Property Tax Assessment Issues

Watchdog Indiana Home Page General Assembly Property Tax Legislation Homestead Deductions Threat Property Tax Caps Top Twenty Reasons to support Constitutional Property Tax Caps Property Tax Caps: How They Operate Property Tax Caps K-12 Schools Impact Property Tax Caps Municipal Impact Property Tax Caps: Referendum Implications 2008 House Bill 1001 Property Tax Betrayal & Incompetence Property Tax Replacement  Accurate Property Tax Math Property Tax Replacement Impact  Homeowner Property Tax Effects Property Tax "Stories" 2008 Property Tax Legislation Testimonies Property Tax Deferral Program 

The foundation for genuine property tax relief is the amendment to the Indiana Constitution that limits homeowner property taxes to 1% of gross assessed value. 

The 1% homeowner property tax cap will enable Hoosier working families to reasonably predict their property taxes so they do not become an unaffordable burden that could lead to the loss of the family home. The 1% cap ends the legacy of failure where (1) homeowners suffer permanent tax increases for temporary property tax relief and (2) property tax caps disappear.

Reasonable property tax predictability is important to Hoosier working families. Recent General Assembly actions have played havoc with the ability of some homeowners to reasonably predict their property tax burden. Legislation passed by the General Assembly the past six years that (1) limited property tax relief, (2) eliminated inventory taxes, and (3) led to the improper assessment of business property caused homeowner property taxes in some urban areas to leap up 100%, 200%, even 300%.

There are those who question the importance of the 1% homeowner property tax cap because the cap is based on the gross assessed value of the homestead property, which is allowed to fluctuate. In spite of currently declining home values, homeowner property tax assessments will likely CREEP UP over time. However, these assessment increases BY THEMSELVES are NOT expected to cause homeowner property taxes to LEAP UP. In other words, the 1% homeowner property tax cap in the constitutional amendment is the foundation for genuine property tax relief even if homeowner property tax assessments increase because of market value increases.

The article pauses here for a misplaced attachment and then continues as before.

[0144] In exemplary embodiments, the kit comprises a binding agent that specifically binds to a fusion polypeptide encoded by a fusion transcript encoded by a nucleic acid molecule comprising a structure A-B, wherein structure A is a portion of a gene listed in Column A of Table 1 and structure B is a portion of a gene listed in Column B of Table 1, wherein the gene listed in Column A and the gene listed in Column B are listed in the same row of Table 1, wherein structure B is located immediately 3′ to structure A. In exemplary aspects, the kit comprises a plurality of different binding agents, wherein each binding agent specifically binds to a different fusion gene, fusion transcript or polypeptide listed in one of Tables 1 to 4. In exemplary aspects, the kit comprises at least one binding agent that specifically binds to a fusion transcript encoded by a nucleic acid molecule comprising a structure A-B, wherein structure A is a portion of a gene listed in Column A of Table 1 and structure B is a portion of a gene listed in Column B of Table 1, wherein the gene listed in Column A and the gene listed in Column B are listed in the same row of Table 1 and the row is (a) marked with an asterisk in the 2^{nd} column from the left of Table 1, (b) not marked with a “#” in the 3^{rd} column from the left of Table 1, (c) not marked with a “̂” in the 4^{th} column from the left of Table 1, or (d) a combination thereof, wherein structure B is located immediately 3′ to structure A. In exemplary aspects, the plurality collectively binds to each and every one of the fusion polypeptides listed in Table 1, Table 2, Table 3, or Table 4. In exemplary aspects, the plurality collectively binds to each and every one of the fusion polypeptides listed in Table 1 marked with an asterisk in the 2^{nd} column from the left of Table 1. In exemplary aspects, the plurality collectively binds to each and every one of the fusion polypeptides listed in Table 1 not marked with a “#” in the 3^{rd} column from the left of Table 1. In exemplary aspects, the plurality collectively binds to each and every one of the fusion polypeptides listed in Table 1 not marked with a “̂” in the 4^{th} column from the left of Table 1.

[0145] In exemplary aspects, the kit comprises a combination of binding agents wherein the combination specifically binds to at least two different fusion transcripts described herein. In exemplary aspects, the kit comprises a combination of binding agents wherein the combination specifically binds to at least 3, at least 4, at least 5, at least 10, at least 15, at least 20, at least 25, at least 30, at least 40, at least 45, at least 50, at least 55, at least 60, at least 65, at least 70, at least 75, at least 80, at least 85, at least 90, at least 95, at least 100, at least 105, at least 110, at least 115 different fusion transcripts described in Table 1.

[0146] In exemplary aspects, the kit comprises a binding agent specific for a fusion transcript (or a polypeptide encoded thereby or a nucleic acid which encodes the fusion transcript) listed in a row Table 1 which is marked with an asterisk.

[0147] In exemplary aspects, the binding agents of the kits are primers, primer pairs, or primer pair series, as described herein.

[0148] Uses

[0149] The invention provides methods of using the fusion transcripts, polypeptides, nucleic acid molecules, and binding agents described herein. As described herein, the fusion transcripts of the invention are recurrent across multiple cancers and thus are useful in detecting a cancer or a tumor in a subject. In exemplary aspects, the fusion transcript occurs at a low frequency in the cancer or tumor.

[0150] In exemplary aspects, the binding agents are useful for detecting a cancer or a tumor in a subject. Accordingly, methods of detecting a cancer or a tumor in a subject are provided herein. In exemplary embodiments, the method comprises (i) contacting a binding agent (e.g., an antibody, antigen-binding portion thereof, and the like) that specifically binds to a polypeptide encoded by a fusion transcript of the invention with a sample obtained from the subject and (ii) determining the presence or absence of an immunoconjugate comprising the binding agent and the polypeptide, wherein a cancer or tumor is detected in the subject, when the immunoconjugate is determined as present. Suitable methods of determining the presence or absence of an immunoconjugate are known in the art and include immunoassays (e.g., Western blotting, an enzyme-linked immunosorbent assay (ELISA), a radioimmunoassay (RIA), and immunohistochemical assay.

It is easy to understand the skepticism of those who think the General Assembly will erode the property tax relief delivered by the 1% homeowner property tax cap by allowing homeowner assessments to increase significantly in relation to business assessments. A review of recent property tax history both explains this skepticism and shows that the skepticism is misplaced.

For many years, Indiana homeowners benefited from the underassessment of residential property compared to business property; therefore, businesses shouldered the majority of the tax burden and allowed homeowners to benefit from reduced property tax liability. However, in 1998, the Indiana Supreme Court ruled the state had to change the implementation of property tax assessment. The State Board of Tax Commissioners determined that the best way to implement the Supreme Court's decision was to adopt a market value-in-use system of assessment. A market value-in-use system differs from the more widely accepted market value assessment, in that all property is to be assessed, not at its "highest and best" use, but at its "current" use. The market value-in-use system allows farmers to pay property tax on their land, based on its use as farm land, rather than its potential use as residential, commercial or industrial development.

The 2002 reassessment was based on 1999 market values and the first time the market value-in-use system of assessment was used. Many homeowners experienced dramatic property tax increases, especially those with well-maintained older homes that had lower assessments for many years. The prior system failed to take into account remodeling and rehabilitation of older properties.

Additionally, 2006 was the first year of a process known as "trending." Trending is a refinement of the property tax assessment system adopted by the General Assembly that requires assessors to update assessments annually based on the appreciation or depreciation of property values. Trending for 2006 reflects changes in value for the years 1999 through 2005. By all accounts, this six year period resulted in substantial appreciation of residential property.

Some homeowners do not fully understand that assessments lag current market values by a couple of years. For the Pay 2010 property tax year, assessments are established on March 1, 2009. The March 1, 2009, assessments are determined by using market values from sales made in 2007 and 2008. Only sales in 2008 are used if there are sufficient neighborhood sales. Indiana home values generally started to decline the fourth quarter of 2008. These declining home values will start to show up as reduced assessments no later than 2011. A taxpayer who questions the accuracy of an assessment can now obtain a preliminary informal meeting with the assessor to review the assessment without being required to present documentary evidence.